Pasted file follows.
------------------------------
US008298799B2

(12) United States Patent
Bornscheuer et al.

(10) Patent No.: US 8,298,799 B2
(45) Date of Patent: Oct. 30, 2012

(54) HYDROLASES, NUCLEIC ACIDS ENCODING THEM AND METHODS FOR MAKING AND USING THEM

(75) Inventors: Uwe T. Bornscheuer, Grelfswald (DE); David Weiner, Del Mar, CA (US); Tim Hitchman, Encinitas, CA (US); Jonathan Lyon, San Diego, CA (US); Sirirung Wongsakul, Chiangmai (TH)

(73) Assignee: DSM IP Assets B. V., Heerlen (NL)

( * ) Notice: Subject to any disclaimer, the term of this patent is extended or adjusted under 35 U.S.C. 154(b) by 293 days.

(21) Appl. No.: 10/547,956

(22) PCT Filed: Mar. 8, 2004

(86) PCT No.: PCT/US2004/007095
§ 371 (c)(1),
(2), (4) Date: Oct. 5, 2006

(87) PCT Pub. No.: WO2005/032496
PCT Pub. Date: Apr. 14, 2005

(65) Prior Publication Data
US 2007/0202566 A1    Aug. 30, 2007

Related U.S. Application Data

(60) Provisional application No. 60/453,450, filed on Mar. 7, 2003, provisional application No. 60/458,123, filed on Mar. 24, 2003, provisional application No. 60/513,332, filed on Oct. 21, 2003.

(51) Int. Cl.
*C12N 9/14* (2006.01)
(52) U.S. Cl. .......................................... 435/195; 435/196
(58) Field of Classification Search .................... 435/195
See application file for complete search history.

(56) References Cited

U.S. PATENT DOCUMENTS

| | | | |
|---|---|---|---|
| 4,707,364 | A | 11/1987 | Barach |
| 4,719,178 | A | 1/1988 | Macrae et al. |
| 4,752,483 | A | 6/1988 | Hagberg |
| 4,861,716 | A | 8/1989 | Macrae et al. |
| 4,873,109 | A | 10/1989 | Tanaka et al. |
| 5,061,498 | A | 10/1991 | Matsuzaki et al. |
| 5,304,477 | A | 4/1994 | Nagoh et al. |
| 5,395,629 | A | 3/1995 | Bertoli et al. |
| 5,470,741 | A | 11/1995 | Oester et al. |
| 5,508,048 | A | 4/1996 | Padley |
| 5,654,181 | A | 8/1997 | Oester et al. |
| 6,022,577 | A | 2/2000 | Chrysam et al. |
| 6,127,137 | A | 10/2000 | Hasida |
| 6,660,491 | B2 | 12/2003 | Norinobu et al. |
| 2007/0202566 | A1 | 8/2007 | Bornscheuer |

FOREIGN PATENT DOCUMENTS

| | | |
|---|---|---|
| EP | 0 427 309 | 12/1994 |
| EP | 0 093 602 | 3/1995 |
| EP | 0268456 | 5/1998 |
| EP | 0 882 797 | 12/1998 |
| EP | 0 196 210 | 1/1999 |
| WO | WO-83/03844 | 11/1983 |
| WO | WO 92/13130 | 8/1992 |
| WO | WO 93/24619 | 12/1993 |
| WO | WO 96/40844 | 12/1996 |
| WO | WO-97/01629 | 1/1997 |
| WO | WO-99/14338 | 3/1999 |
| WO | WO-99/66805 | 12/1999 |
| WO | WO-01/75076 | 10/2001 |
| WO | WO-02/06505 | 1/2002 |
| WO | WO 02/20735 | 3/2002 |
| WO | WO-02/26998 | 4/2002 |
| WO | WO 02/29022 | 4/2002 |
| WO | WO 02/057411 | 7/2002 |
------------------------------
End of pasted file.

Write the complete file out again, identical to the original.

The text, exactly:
US008298799B2

(12) United States Patent
Bornscheuer et al.

(10) Patent No.: US 8,298,799 B2
(45) Date of Patent: Oct. 30, 2012

(54) HYDROLASES, NUCLEIC ACIDS ENCODING THEM AND METHODS FOR MAKING AND USING THEM

(75) Inventors: Uwe T. Bornscheuer, Grelfswald (DE); David Weiner, Del Mar, CA (US); Tim Hitchman, Encinitas, CA (US); Jonathan Lyon, San Diego, CA (US); Sirirung Wongsakul, Chiangmai (TH)

(73) Assignee: DSM IP Assets B. V., Heerlen (NL)

( * ) Notice: Subject to any disclaimer, the term of this patent is extended or adjusted under 35 U.S.C. 154(b) by 293 days.

(21) Appl. No.: 10/547,956

(22) PCT Filed: Mar. 8, 2004

(86) PCT No.: PCT/US2004/007095
§ 371 (c)(1),
(2), (4) Date: Oct. 5, 2006

(87) PCT Pub. No.: WO2005/032496
PCT Pub. Date: Apr. 14, 2005

(65) Prior Publication Data
US 2007/0202566 A1    Aug. 30, 2007

Related U.S. Application Data

(60) Provisional application No. 60/453,450, filed on Mar. 7, 2003, provisional application No. 60/458,123, filed on Mar. 24, 2003, provisional application No. 60/513,332, filed on Oct. 21, 2003.

(51) Int. Cl.
*C12N 9/14* (2006.01)
(52) U.S. Cl. .......................................... 435/195; 435/196
(58) Field of Classification Search .................... 435/195
See application file for complete search history.

(56) References Cited

U.S. PATENT DOCUMENTS

| | | | |
|---|---|---|---|
| 4,707,364 | A | 11/1987 | Barach |
| 4,719,178 | A | 1/1988 | Macrae et al. |
| 4,752,483 | A | 6/1988 | Hagberg |
| 4,861,716 | A | 8/1989 | Macrae et al. |
| 4,873,109 | A | 10/1989 | Tanaka et al. |
| 5,061,498 | A | 10/1991 | Matsuzaki et al. |
| 5,304,477 | A | 4/1994 | Nagoh et al. |
| 5,395,629 | A | 3/1995 | Bertoli et al. |
| 5,470,741 | A | 11/1995 | Oester et al. |
| 5,508,048 | A | 4/1996 | Padley |
| 5,654,181 | A | 8/1997 | Oester et al. |
| 6,022,577 | A | 2/2000 | Chrysam et al. |
| 6,127,137 | A | 10/2000 | Hasida |
| 6,660,491 | B2 | 12/2003 | Norinobu et al. |
| 2007/0202566 | A1 | 8/2007 | Bornscheuer |

FOREIGN PATENT DOCUMENTS

| | | |
|---|---|---|
| EP | 0 427 309 | 12/1994 |
| EP | 0 093 602 | 3/1995 |
| EP | 0268456 | 5/1998 |
| EP | 0 882 797 | 12/1998 |
| EP | 0 196 210 | 1/1999 |
| WO | WO-83/03844 | 11/1983 |
| WO | WO 92/13130 | 8/1992 |
| WO | WO 93/24619 | 12/1993 |
| WO | WO 96/40844 | 12/1996 |
| WO | WO-97/01629 | 1/1997 |
| WO | WO-99/14338 | 3/1999 |
| WO | WO-99/66805 | 12/1999 |
| WO | WO-01/75076 | 10/2001 |
| WO | WO-02/06505 | 1/2002 |
| WO | WO 02/20735 | 3/2002 |
| WO | WO-02/26998 | 4/2002 |
| WO | WO 02/29022 | 4/2002 |
| WO | WO 02/057411 | 7/2002 |